First, he frowned upon the use of transport and we were a brigade strong on its legs. And when an accident took place, whatever little use of transport was permitted was immediately denied. Vehicles were jacked up on wooden blocks for months on end. Human backs were all that the unit was left with to transport its needs. This was not all. The poor Commanding Officers and his Subedar Major,put on their battle gear including large packs and marched to the brigade headquarters to stand frozen while the brigadier vented his spleen.

In a different class were the two generals — one distrustful of his overloaded memory would jot down aides memoire on little chits of paper sometimes, in the middle of a dinner or a solemn parade and kept pocketing them. At the end of the day, he would empty his pockets out and a heap of chits would be left for his personal staff to decipher.

The other one carried a small notebook at all times. It lay on his bedside table before he went off to sleep. Ever so often, he would wake up and switch on the reading lamp to furiously scribble in the little red book before going back to sleep. Protestations of his hapless wife and, finally, a fairly solemn threat to walk out on him, did not cure him of his nocturnal confidences into his trusty journal. He was otherwise a delightful man, but sheltered within him, were such amusing streaks of odd behaviour.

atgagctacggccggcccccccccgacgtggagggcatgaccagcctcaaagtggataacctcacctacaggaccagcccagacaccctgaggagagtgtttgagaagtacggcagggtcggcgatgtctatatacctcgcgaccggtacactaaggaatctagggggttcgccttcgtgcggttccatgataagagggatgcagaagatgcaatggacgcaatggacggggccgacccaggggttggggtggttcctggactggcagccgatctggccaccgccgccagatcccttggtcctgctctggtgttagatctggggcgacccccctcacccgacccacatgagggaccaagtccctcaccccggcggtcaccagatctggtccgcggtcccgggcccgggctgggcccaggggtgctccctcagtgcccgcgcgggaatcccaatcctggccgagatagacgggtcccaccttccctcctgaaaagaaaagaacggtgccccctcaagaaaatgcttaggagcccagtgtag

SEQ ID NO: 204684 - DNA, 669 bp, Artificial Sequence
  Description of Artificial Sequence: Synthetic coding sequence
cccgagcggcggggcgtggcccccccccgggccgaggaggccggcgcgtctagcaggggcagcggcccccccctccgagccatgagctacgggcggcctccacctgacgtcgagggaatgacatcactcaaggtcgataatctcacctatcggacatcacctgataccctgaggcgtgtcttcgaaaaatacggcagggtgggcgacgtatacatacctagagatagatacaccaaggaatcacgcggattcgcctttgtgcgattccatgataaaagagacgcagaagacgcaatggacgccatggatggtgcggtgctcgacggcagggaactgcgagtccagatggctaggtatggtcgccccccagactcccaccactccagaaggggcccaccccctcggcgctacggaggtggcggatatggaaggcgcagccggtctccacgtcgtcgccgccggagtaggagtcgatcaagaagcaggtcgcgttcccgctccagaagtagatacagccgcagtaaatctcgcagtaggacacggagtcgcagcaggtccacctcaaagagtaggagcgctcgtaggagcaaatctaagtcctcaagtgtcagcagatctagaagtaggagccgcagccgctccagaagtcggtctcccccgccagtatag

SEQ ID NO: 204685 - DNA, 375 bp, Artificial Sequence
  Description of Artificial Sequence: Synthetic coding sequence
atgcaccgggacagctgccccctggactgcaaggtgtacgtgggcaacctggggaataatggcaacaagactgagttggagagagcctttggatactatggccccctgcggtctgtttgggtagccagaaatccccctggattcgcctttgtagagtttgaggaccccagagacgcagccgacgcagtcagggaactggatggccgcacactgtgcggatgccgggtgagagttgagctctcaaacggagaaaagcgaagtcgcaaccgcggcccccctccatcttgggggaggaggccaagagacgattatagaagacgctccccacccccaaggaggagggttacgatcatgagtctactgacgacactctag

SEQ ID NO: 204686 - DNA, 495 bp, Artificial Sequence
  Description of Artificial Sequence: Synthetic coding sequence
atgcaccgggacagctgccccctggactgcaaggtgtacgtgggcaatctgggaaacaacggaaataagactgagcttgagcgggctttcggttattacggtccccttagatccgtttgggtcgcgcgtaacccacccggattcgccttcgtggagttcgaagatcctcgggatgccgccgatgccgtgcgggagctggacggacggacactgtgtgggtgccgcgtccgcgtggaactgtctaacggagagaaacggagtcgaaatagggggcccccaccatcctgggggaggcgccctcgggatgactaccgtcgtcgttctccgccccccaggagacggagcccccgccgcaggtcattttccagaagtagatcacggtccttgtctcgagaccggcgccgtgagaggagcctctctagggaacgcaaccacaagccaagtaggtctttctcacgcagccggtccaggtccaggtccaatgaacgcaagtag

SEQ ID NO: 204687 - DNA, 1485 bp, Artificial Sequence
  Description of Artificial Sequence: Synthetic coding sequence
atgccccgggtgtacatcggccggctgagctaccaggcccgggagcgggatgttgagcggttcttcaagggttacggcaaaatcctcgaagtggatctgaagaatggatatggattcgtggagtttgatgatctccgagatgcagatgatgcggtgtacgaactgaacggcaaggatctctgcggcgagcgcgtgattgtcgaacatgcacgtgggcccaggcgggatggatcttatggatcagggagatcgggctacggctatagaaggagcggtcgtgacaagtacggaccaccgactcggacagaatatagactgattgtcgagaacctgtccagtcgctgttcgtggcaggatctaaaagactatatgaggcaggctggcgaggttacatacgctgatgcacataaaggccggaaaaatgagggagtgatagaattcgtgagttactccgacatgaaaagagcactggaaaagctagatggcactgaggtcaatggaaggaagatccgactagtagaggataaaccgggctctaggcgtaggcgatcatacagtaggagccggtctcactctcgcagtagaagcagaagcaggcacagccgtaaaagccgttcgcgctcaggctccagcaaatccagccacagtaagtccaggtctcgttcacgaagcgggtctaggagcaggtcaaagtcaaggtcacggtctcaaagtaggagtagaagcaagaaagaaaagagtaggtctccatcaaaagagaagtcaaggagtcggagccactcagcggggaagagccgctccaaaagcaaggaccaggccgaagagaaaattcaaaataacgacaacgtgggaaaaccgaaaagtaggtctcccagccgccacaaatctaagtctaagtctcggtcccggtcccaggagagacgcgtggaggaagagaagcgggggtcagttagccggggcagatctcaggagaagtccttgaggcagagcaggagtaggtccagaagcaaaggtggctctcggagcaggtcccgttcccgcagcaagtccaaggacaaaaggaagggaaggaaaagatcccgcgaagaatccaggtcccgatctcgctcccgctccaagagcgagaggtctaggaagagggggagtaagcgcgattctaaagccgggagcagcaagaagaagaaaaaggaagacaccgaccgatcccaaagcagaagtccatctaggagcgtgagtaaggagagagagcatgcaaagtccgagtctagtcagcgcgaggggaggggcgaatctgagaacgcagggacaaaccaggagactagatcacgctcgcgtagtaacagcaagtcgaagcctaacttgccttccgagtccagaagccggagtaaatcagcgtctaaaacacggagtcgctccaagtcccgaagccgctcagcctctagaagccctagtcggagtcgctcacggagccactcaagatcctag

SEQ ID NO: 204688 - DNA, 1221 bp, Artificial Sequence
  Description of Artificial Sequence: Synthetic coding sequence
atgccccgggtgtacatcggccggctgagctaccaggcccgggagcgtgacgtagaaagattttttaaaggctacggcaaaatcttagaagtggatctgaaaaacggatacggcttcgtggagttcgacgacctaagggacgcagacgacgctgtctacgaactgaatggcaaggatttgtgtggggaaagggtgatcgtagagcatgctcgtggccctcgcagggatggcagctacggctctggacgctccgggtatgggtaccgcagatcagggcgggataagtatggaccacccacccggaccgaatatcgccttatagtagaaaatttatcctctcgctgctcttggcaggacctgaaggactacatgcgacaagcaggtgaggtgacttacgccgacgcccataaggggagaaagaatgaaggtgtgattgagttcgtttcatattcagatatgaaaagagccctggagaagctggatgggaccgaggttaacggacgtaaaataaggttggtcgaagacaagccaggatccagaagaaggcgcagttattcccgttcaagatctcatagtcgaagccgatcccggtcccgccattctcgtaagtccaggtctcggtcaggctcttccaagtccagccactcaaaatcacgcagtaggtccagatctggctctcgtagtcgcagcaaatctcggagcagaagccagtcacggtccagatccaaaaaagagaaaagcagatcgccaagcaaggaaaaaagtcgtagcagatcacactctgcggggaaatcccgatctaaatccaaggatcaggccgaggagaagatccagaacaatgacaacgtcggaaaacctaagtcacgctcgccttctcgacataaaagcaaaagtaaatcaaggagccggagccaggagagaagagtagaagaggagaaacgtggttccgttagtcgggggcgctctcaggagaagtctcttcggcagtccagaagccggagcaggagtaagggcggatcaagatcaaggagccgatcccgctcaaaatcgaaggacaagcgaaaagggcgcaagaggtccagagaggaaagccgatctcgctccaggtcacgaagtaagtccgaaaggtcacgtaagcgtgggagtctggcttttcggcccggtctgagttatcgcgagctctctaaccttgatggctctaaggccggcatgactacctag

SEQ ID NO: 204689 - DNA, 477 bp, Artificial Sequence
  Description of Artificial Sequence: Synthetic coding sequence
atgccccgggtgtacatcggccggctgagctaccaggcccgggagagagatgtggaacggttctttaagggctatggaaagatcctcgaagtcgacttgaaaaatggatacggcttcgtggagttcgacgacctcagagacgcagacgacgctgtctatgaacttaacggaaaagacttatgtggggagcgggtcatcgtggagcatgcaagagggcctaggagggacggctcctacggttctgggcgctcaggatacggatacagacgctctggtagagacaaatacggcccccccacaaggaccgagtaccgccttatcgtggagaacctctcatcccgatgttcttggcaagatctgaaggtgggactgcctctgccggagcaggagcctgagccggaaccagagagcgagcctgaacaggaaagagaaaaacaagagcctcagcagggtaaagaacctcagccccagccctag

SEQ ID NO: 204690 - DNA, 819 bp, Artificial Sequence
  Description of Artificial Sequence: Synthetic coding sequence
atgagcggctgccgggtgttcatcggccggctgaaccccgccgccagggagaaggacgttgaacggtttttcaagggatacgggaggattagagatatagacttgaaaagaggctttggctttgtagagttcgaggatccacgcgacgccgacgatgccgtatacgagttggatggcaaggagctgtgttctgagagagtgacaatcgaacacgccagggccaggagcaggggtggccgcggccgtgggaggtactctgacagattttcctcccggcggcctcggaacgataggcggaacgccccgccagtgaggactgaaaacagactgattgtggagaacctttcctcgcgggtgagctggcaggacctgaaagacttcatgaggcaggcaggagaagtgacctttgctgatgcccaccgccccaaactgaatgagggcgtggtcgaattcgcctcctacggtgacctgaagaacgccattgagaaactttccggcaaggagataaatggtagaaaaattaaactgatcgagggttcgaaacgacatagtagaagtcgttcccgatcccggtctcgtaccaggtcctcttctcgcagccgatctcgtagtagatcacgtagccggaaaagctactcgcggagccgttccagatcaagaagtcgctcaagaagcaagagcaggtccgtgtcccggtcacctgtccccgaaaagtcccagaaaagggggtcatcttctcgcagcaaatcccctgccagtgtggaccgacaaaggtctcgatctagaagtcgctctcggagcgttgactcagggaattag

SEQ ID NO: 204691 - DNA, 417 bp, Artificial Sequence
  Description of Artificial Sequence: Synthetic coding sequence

In the armed forces, the awe of rank and unquestioned authority, perhaps give undue licence. Besides, there is a popular belief that unusual traits of behaviour add to the visible impact of the persona of a senior officer. Who could ever ignore the Brigadier who on his inspection tour would eye critically even a spotlessly clean barrack, march up to the high top shelf, climb up on the bed, run his hand over its invisible top and triumphantly bark at his deferential audience "Dirt!" or the Colonel, who would walk into the officers mess after the evening games, for a cup of tea with his officers switch over to whisky or rum according to the size of his wine bill till then, polish off a bottle and-a-half while holding court and around four in the morning paternally tell the officers, who had been busy swatting mosquitoes from their bare legs "Go and have your dinner boys". No wonder the mess refrigerator was always choked with uneaten dinners!Back

This feature was published on April 25, 1999